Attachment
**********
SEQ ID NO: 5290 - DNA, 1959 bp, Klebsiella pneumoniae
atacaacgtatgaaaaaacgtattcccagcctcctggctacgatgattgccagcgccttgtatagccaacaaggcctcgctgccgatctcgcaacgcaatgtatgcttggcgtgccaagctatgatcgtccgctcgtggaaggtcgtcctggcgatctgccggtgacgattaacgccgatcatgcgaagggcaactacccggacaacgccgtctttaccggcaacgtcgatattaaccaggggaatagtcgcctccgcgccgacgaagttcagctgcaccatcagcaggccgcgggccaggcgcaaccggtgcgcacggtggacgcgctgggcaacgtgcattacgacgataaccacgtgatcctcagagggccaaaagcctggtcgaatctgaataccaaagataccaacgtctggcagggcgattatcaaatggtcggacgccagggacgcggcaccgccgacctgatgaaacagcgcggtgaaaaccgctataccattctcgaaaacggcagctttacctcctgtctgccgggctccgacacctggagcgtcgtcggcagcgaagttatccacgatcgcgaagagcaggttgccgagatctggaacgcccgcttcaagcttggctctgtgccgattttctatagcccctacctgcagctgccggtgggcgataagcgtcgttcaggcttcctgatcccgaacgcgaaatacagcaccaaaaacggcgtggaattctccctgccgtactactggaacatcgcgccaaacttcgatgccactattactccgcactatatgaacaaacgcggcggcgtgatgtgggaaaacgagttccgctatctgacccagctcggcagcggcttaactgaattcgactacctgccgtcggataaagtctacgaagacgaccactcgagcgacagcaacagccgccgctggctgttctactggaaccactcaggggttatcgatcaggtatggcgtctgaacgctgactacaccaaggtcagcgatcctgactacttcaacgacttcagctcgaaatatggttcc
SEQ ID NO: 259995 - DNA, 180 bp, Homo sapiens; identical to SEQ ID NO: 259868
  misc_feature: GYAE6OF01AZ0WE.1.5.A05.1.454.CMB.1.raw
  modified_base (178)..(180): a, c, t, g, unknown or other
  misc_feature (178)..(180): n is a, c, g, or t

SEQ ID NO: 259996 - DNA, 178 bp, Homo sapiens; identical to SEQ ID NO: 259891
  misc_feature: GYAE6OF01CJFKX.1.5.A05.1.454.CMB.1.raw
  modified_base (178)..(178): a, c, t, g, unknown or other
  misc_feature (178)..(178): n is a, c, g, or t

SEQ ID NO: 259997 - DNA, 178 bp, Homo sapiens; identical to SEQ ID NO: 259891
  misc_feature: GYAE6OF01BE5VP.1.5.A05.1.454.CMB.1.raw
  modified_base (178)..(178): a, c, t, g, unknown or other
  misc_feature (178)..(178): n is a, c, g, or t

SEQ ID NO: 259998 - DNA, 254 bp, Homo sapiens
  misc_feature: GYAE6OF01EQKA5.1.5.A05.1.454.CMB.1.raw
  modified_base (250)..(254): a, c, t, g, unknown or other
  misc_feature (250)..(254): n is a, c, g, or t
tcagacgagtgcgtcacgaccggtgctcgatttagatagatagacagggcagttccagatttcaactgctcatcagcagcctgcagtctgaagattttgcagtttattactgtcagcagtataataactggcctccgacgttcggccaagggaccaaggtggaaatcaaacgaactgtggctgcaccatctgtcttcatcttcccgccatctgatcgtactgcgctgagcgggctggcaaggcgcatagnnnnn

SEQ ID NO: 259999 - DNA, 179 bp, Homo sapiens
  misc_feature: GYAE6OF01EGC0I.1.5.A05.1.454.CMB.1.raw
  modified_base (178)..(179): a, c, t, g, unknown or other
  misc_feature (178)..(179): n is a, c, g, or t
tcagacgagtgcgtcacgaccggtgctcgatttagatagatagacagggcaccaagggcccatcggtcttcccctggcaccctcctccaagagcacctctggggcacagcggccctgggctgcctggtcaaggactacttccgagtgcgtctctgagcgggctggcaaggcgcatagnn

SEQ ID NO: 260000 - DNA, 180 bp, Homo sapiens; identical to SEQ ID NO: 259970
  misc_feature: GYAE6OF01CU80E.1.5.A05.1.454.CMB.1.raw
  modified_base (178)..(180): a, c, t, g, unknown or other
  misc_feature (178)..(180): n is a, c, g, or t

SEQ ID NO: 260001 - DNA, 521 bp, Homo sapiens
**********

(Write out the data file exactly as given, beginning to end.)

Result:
SEQ ID NO: 5290 - DNA, 1959 bp, Klebsiella pneumoniae
atacaacgtatgaaaaaacgtattcccagcctcctggctacgatgattgccagcgccttgtatagccaacaaggcctcgctgccgatctcgcaacgcaatgtatgcttggcgtgccaagctatgatcgtccgctcgtggaaggtcgtcctggcgatctgccggtgacgattaacgccgatcatgcgaagggcaactacccggacaacgccgtctttaccggcaacgtcgatattaaccaggggaatagtcgcctccgcgccgacgaagttcagctgcaccatcagcaggccgcgggccaggcgcaaccggtgcgcacggtggacgcgctgggcaacgtgcattacgacgataaccacgtgatcctcagagggccaaaagcctggtcgaatctgaataccaaagataccaacgtctggcagggcgattatcaaatggtcggacgccagggacgcggcaccgccgacctgatgaaacagcgcggtgaaaaccgctataccattctcgaaaacggcagctttacctcctgtctgccgggctccgacacctggagcgtcgtcggcagcgaagttatccacgatcgcgaagagcaggttgccgagatctggaacgcccgcttcaagcttggctctgtgccgattttctatagcccctacctgcagctgccggtgggcgataagcgtcgttcaggcttcctgatcccgaacgcgaaatacagcaccaaaaacggcgtggaattctccctgccgtactactggaacatcgcgccaaacttcgatgccactattactccgcactatatgaacaaacgcggcggcgtgatgtgggaaaacgagttccgctatctgacccagctcggcagcggcttaactgaattcgactacctgccgtcggataaagtctacgaagacgaccactcgagcgacagcaacagccgccgctggctgttctactggaaccactcaggggttatcgatcaggtatggcgtctgaacgctgactacaccaaggtcagcgatcctgactacttcaacgacttcagctcgaaatatggttcc
SEQ ID NO: 259995 - DNA, 180 bp, Homo sapiens; identical to SEQ ID NO: 259868
  misc_feature: GYAE6OF01AZ0WE.1.5.A05.1.454.CMB.1.raw
  modified_base (178)..(180): a, c, t, g, unknown or other
  misc_feature (178)..(180): n is a, c, g, or t

SEQ ID NO: 259996 - DNA, 178 bp, Homo sapiens; identical to SEQ ID NO: 259891
  misc_feature: GYAE6OF01CJFKX.1.5.A05.1.454.CMB.1.raw
  modified_base (178)..(178): a, c, t, g, unknown or other
  misc_feature (178)..(178): n is a, c, g, or t

SEQ ID NO: 259997 - DNA, 178 bp, Homo sapiens; identical to SEQ ID NO: 259891
  misc_feature: GYAE6OF01BE5VP.1.5.A05.1.454.CMB.1.raw
  modified_base (178)..(178): a, c, t, g, unknown or other
  misc_feature (178)..(178): n is a, c, g, or t

SEQ ID NO: 259998 - DNA, 254 bp, Homo sapiens
  misc_feature: GYAE6OF01EQKA5.1.5.A05.1.454.CMB.1.raw
  modified_base (250)..(254): a, c, t, g, unknown or other
  misc_feature (250)..(254): n is a, c, g, or t
tcagacgagtgcgtcacgaccggtgctcgatttagatagatagacagggcagttccagatttcaactgctcatcagcagcctgcagtctgaagattttgcagtttattactgtcagcagtataataactggcctccgacgttcggccaagggaccaaggtggaaatcaaacgaactgtggctgcaccatctgtcttcatcttcccgccatctgatcgtactgcgctgagcgggctggcaaggcgcatagnnnnn

SEQ ID NO: 259999 - DNA, 179 bp, Homo sapiens
  misc_feature: GYAE6OF01EGC0I.1.5.A05.1.454.CMB.1.raw
  modified_base (178)..(179): a, c, t, g, unknown or other
  misc_feature (178)..(179): n is a, c, g, or t
tcagacgagtgcgtcacgaccggtgctcgatttagatagatagacagggcaccaagggcccatcggtcttcccctggcaccctcctccaagagcacctctggggcacagcggccctgggctgcctggtcaaggactacttccgagtgcgtctctgagcgggctggcaaggcgcatagnn

SEQ ID NO: 260000 - DNA, 180 bp, Homo sapiens; identical to SEQ ID NO: 259970
  misc_feature: GYAE6OF01CU80E.1.5.A05.1.454.CMB.1.raw
  modified_base (178)..(180): a, c, t, g, unknown or other
  misc_feature (178)..(180): n is a, c, g, or t

SEQ ID NO: 260001 - DNA, 521 bp, Homo sapiens